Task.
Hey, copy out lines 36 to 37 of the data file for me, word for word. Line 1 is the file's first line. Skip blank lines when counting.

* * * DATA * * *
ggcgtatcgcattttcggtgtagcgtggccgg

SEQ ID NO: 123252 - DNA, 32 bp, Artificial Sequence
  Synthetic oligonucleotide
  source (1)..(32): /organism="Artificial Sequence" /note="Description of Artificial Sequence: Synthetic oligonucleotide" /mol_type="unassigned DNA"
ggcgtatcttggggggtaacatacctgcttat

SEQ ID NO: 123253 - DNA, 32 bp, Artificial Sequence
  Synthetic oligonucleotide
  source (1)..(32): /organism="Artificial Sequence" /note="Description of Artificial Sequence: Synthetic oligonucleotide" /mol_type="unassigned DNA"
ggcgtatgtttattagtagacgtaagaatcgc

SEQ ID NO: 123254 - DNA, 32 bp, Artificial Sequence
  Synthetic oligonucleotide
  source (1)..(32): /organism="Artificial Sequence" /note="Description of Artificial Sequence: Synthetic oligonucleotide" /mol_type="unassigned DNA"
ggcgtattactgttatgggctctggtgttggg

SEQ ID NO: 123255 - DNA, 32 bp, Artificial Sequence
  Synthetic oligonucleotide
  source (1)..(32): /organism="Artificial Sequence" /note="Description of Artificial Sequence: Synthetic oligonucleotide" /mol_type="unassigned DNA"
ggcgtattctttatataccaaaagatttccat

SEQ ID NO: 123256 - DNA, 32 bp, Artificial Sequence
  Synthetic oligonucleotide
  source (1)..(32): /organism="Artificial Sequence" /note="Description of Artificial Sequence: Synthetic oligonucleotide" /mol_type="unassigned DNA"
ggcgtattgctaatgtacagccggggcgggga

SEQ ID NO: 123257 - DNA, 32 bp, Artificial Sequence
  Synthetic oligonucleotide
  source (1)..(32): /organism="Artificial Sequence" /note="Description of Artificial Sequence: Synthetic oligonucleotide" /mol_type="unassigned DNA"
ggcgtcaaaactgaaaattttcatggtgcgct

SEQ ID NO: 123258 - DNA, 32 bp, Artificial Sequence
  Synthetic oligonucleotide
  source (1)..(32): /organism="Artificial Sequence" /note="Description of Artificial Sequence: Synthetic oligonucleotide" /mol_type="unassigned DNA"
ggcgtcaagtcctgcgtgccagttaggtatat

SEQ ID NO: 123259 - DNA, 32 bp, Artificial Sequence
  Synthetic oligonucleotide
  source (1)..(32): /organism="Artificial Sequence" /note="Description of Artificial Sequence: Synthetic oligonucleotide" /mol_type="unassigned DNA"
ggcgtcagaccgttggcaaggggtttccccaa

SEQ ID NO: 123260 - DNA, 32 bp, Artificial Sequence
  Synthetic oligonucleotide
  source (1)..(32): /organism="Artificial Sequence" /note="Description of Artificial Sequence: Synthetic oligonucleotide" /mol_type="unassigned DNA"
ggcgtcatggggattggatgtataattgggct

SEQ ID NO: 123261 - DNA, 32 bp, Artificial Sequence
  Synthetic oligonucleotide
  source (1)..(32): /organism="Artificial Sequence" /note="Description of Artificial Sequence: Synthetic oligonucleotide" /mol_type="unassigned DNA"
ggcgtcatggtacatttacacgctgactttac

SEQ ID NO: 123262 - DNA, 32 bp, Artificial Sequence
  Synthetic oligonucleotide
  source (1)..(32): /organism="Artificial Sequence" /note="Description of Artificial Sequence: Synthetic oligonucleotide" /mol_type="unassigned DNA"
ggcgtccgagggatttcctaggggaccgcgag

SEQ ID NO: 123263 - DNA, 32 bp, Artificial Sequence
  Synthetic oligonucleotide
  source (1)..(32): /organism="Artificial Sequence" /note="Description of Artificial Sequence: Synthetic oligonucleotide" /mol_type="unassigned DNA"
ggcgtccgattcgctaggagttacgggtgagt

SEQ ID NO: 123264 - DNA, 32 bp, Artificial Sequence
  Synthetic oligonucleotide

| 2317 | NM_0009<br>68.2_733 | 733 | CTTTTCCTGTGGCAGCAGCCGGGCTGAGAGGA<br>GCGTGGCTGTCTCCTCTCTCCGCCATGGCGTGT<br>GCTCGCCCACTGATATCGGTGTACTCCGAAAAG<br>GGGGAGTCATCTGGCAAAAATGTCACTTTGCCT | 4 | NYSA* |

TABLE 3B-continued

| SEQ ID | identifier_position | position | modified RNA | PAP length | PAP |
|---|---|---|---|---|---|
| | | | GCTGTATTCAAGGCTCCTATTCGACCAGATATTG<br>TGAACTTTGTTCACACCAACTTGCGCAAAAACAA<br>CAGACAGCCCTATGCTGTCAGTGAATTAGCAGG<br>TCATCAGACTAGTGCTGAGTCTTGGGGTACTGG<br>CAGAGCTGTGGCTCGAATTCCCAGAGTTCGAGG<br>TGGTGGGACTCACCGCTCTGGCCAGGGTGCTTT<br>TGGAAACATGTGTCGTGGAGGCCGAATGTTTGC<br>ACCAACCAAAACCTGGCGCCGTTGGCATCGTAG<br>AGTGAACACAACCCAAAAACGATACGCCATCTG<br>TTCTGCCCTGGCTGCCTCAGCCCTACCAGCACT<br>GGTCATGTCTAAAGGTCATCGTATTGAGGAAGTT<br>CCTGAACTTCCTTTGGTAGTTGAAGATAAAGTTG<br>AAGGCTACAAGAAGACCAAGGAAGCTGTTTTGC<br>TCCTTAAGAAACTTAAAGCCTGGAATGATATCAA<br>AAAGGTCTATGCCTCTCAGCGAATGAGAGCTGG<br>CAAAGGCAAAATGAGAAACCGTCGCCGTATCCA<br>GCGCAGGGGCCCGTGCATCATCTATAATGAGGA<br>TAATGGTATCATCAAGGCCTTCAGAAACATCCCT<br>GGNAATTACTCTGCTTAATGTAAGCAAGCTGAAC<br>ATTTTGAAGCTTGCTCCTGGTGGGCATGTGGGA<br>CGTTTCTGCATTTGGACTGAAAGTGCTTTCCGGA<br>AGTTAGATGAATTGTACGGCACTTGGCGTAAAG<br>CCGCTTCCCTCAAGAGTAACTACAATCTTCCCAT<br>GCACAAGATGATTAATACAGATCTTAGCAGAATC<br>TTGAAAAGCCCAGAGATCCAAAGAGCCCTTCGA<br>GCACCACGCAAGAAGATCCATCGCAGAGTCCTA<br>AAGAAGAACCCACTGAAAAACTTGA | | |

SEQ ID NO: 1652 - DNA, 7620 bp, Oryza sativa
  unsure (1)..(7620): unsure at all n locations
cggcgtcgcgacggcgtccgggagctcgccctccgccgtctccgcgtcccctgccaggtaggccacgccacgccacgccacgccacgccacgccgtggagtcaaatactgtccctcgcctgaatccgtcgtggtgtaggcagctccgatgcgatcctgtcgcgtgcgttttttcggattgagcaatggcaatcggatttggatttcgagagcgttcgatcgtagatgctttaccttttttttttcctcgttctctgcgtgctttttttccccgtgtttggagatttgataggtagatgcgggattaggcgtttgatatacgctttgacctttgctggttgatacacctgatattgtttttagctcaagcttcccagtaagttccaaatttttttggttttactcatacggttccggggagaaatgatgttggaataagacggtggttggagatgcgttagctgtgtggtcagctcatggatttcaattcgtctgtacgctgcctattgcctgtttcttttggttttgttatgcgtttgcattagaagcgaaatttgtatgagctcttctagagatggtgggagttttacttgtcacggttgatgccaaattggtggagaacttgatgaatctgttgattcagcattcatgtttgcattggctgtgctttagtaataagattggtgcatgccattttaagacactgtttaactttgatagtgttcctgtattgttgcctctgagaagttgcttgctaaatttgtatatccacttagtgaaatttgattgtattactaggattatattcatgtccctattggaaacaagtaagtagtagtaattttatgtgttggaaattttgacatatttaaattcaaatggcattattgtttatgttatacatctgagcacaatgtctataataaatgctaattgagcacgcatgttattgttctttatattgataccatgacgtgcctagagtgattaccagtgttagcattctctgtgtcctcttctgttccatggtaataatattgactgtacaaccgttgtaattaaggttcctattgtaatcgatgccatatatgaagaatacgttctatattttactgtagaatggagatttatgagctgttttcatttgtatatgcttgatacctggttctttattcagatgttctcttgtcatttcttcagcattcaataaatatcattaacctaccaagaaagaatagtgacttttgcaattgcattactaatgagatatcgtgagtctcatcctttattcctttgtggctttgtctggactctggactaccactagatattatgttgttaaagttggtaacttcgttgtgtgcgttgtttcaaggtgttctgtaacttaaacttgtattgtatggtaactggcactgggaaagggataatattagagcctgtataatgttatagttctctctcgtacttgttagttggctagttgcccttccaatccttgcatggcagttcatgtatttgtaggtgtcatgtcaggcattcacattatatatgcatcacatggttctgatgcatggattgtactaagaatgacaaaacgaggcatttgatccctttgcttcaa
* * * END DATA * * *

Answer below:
  source (1)..(32): /organism="Artificial Sequence" /note="Description of Artificial Sequence: Synthetic oligonucleotide" /mol_type="unassigned DNA"
ggcgtcatggggattggatgtataattgggct